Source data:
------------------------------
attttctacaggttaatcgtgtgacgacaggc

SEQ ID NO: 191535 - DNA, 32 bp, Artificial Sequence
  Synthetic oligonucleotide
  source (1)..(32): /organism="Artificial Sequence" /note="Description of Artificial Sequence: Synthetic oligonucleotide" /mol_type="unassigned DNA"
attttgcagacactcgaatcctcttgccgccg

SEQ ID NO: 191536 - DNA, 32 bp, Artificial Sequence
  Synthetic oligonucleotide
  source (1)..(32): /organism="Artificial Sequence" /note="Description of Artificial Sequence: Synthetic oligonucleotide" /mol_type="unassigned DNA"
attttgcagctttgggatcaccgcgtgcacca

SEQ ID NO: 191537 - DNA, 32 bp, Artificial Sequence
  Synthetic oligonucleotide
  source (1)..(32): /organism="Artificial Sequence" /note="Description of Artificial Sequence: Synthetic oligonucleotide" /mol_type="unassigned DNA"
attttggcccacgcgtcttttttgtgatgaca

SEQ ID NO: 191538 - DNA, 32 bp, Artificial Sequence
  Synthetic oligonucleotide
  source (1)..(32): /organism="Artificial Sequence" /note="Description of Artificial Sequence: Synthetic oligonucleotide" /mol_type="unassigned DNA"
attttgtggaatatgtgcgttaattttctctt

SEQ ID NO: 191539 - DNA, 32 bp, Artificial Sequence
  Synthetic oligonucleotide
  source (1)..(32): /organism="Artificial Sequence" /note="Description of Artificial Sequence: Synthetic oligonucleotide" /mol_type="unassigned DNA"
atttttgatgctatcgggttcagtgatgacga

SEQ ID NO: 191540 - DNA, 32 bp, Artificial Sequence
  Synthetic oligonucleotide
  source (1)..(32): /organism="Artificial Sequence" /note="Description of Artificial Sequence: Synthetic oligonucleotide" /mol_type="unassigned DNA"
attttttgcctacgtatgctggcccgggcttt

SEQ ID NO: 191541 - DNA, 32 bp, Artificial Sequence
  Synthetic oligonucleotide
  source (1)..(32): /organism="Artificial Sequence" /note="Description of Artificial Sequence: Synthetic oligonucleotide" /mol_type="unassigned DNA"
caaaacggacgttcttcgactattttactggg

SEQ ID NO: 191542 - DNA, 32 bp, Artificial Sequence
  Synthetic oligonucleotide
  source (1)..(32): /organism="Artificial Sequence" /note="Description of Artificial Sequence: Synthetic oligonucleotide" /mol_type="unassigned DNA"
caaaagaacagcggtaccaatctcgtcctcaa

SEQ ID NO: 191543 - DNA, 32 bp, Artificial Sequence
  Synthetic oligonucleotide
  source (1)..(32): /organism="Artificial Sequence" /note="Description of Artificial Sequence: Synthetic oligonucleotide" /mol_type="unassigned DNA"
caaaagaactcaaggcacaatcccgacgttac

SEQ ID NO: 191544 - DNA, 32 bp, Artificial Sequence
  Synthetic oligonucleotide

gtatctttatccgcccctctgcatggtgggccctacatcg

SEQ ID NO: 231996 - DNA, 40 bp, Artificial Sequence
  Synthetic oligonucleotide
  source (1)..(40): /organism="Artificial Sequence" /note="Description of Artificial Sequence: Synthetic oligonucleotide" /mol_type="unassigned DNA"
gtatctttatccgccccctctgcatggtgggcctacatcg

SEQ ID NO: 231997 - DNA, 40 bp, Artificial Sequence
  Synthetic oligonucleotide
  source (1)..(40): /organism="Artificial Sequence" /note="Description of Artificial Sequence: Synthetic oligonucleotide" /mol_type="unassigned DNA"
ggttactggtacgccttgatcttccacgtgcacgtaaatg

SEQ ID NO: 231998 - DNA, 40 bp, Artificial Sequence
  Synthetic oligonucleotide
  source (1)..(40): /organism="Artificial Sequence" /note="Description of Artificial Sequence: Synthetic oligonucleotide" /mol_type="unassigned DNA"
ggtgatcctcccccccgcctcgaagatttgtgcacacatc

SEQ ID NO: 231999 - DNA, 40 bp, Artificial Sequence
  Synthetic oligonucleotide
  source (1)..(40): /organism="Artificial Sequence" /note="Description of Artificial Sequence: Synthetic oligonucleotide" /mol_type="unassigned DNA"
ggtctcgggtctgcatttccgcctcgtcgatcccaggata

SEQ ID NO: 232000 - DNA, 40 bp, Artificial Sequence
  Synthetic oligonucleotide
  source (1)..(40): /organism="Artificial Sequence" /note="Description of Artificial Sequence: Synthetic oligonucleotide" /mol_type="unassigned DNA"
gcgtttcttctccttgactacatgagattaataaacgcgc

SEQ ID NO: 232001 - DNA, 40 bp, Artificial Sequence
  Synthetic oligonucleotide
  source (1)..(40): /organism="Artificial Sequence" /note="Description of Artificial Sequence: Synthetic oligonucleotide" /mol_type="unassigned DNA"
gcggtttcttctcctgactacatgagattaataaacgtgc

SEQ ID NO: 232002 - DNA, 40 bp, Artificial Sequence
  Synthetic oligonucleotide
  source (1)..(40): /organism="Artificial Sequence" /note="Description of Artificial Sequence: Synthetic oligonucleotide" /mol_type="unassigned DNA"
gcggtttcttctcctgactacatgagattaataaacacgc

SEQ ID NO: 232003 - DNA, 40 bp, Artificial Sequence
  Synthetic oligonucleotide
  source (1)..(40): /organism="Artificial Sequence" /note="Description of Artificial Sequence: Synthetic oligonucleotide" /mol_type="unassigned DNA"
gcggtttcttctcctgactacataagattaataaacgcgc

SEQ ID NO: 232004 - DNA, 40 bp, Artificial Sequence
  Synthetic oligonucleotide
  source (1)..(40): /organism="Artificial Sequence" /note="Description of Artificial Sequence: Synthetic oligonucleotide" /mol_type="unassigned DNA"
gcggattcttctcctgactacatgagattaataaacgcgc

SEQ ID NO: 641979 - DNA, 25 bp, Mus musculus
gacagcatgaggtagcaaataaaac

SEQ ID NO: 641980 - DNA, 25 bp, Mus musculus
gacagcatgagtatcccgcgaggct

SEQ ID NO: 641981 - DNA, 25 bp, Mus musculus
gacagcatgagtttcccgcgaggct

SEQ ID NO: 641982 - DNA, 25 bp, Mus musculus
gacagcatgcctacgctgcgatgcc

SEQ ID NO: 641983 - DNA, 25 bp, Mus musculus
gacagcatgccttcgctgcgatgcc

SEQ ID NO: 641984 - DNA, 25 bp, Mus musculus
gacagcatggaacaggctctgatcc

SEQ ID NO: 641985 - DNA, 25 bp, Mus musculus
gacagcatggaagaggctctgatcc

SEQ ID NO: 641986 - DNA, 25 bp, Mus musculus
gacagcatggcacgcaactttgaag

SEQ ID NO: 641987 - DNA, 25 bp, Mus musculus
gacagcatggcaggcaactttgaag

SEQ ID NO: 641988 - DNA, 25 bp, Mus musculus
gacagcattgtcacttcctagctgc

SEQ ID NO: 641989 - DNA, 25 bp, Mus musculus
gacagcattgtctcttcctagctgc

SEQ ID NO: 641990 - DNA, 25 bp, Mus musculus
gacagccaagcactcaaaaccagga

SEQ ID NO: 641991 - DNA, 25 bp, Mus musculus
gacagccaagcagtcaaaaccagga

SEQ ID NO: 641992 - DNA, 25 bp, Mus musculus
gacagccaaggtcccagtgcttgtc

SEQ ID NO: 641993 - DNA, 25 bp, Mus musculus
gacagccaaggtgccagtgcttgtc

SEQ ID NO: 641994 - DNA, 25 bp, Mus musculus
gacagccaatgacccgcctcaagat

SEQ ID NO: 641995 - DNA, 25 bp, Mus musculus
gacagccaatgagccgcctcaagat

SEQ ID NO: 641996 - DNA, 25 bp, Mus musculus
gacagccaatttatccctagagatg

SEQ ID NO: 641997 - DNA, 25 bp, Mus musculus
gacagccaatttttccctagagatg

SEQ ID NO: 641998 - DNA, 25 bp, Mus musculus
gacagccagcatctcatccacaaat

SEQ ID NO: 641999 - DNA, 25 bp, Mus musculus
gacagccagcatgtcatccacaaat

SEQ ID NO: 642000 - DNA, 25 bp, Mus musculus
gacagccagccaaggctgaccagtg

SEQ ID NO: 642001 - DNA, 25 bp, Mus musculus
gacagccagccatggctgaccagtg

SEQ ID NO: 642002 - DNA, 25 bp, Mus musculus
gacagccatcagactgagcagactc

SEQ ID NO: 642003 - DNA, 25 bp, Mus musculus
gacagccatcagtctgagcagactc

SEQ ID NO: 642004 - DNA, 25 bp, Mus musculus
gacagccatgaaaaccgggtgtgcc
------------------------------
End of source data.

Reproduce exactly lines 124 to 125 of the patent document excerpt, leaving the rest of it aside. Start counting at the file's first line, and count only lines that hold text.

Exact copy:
gacagccatcagactgagcagactc

SEQ ID NO: 642003 - DNA, 25 bp, Mus musculus